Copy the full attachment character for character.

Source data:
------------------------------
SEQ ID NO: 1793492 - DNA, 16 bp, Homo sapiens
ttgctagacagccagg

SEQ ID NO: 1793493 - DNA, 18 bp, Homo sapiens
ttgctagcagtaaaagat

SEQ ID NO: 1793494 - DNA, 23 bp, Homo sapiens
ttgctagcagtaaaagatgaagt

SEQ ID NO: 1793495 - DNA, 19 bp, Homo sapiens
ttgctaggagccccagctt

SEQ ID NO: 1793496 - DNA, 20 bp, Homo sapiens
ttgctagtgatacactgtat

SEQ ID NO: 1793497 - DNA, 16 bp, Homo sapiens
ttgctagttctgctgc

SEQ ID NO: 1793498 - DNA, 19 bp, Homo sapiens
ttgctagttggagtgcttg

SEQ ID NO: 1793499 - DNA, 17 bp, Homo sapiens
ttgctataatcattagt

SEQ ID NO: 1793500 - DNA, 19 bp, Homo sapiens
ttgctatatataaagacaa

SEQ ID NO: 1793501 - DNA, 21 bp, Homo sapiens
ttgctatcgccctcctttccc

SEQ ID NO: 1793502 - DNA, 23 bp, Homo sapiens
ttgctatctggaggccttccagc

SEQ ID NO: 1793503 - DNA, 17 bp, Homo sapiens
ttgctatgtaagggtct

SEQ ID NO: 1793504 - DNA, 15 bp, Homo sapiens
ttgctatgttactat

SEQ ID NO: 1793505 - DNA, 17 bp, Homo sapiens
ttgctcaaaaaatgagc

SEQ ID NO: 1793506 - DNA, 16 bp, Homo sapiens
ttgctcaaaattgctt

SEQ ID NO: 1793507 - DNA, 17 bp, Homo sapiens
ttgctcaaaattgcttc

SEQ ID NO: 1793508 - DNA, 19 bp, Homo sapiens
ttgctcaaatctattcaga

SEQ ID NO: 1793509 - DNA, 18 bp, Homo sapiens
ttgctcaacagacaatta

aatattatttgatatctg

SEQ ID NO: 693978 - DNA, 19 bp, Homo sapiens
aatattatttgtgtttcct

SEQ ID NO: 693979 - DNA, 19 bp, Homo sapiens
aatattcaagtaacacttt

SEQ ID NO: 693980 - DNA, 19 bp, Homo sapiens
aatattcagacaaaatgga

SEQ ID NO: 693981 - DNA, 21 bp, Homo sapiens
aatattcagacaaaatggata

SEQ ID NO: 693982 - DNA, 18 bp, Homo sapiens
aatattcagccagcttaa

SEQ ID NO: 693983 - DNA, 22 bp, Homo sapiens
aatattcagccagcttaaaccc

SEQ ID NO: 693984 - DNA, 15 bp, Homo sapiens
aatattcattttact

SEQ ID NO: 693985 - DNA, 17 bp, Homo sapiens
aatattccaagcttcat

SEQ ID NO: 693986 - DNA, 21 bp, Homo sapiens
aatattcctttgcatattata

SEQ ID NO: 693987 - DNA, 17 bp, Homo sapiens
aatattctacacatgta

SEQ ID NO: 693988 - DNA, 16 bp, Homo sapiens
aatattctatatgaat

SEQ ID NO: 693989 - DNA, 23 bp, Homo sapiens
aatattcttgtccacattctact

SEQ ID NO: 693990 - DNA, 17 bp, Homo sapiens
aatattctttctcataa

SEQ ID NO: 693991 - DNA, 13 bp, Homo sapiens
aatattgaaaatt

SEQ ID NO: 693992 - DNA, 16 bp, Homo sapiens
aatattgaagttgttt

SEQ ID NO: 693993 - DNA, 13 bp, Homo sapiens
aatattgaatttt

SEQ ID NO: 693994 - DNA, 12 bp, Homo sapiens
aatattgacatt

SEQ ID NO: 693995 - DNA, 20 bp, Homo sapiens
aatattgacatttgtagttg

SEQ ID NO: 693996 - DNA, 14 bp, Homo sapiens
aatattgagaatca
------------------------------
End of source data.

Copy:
SEQ ID NO: 1793492 - DNA, 16 bp, Homo sapiens
ttgctagacagccagg

SEQ ID NO: 1793493 - DNA, 18 bp, Homo sapiens
ttgctagcagtaaaagat

SEQ ID NO: 1793494 - DNA, 23 bp, Homo sapiens
ttgctagcagtaaaagatgaagt

SEQ ID NO: 1793495 - DNA, 19 bp, Homo sapiens
ttgctaggagccccagctt

SEQ ID NO: 1793496 - DNA, 20 bp, Homo sapiens
ttgctagtgatacactgtat

SEQ ID NO: 1793497 - DNA, 16 bp, Homo sapiens
ttgctagttctgctgc

SEQ ID NO: 1793498 - DNA, 19 bp, Homo sapiens
ttgctagttggagtgcttg

SEQ ID NO: 1793499 - DNA, 17 bp, Homo sapiens
ttgctataatcattagt

SEQ ID NO: 1793500 - DNA, 19 bp, Homo sapiens
ttgctatatataaagacaa

SEQ ID NO: 1793501 - DNA, 21 bp, Homo sapiens
ttgctatcgccctcctttccc

SEQ ID NO: 1793502 - DNA, 23 bp, Homo sapiens
ttgctatctggaggccttccagc

SEQ ID NO: 1793503 - DNA, 17 bp, Homo sapiens
ttgctatgtaagggtct

SEQ ID NO: 1793504 - DNA, 15 bp, Homo sapiens
ttgctatgttactat

SEQ ID NO: 1793505 - DNA, 17 bp, Homo sapiens
ttgctcaaaaaatgagc

SEQ ID NO: 1793506 - DNA, 16 bp, Homo sapiens
ttgctcaaaattgctt

SEQ ID NO: 1793507 - DNA, 17 bp, Homo sapiens
ttgctcaaaattgcttc

SEQ ID NO: 1793508 - DNA, 19 bp, Homo sapiens
ttgctcaaatctattcaga

SEQ ID NO: 1793509 - DNA, 18 bp, Homo sapiens
ttgctcaacagacaatta

aatattatttgatatctg

SEQ ID NO: 693978 - DNA, 19 bp, Homo sapiens
aatattatttgtgtttcct

SEQ ID NO: 693979 - DNA, 19 bp, Homo sapiens
aatattcaagtaacacttt

SEQ ID NO: 693980 - DNA, 19 bp, Homo sapiens
aatattcagacaaaatgga

SEQ ID NO: 693981 - DNA, 21 bp, Homo sapiens
aatattcagacaaaatggata

SEQ ID NO: 693982 - DNA, 18 bp, Homo sapiens
aatattcagccagcttaa

SEQ ID NO: 693983 - DNA, 22 bp, Homo sapiens
aatattcagccagcttaaaccc

SEQ ID NO: 693984 - DNA, 15 bp, Homo sapiens
aatattcattttact

SEQ ID NO: 693985 - DNA, 17 bp, Homo sapiens
aatattccaagcttcat

SEQ ID NO: 693986 - DNA, 21 bp, Homo sapiens
aatattcctttgcatattata

SEQ ID NO: 693987 - DNA, 17 bp, Homo sapiens
aatattctacacatgta

SEQ ID NO: 693988 - DNA, 16 bp, Homo sapiens
aatattctatatgaat

SEQ ID NO: 693989 - DNA, 23 bp, Homo sapiens
aatattcttgtccacattctact

SEQ ID NO: 693990 - DNA, 17 bp, Homo sapiens
aatattctttctcataa

SEQ ID NO: 693991 - DNA, 13 bp, Homo sapiens
aatattgaaaatt

SEQ ID NO: 693992 - DNA, 16 bp, Homo sapiens
aatattgaagttgttt

SEQ ID NO: 693993 - DNA, 13 bp, Homo sapiens
aatattgaatttt

SEQ ID NO: 693994 - DNA, 12 bp, Homo sapiens
aatattgacatt

SEQ ID NO: 693995 - DNA, 20 bp, Homo sapiens
aatattgacatttgtagttg

SEQ ID NO: 693996 - DNA, 14 bp, Homo sapiens
aatattgagaatca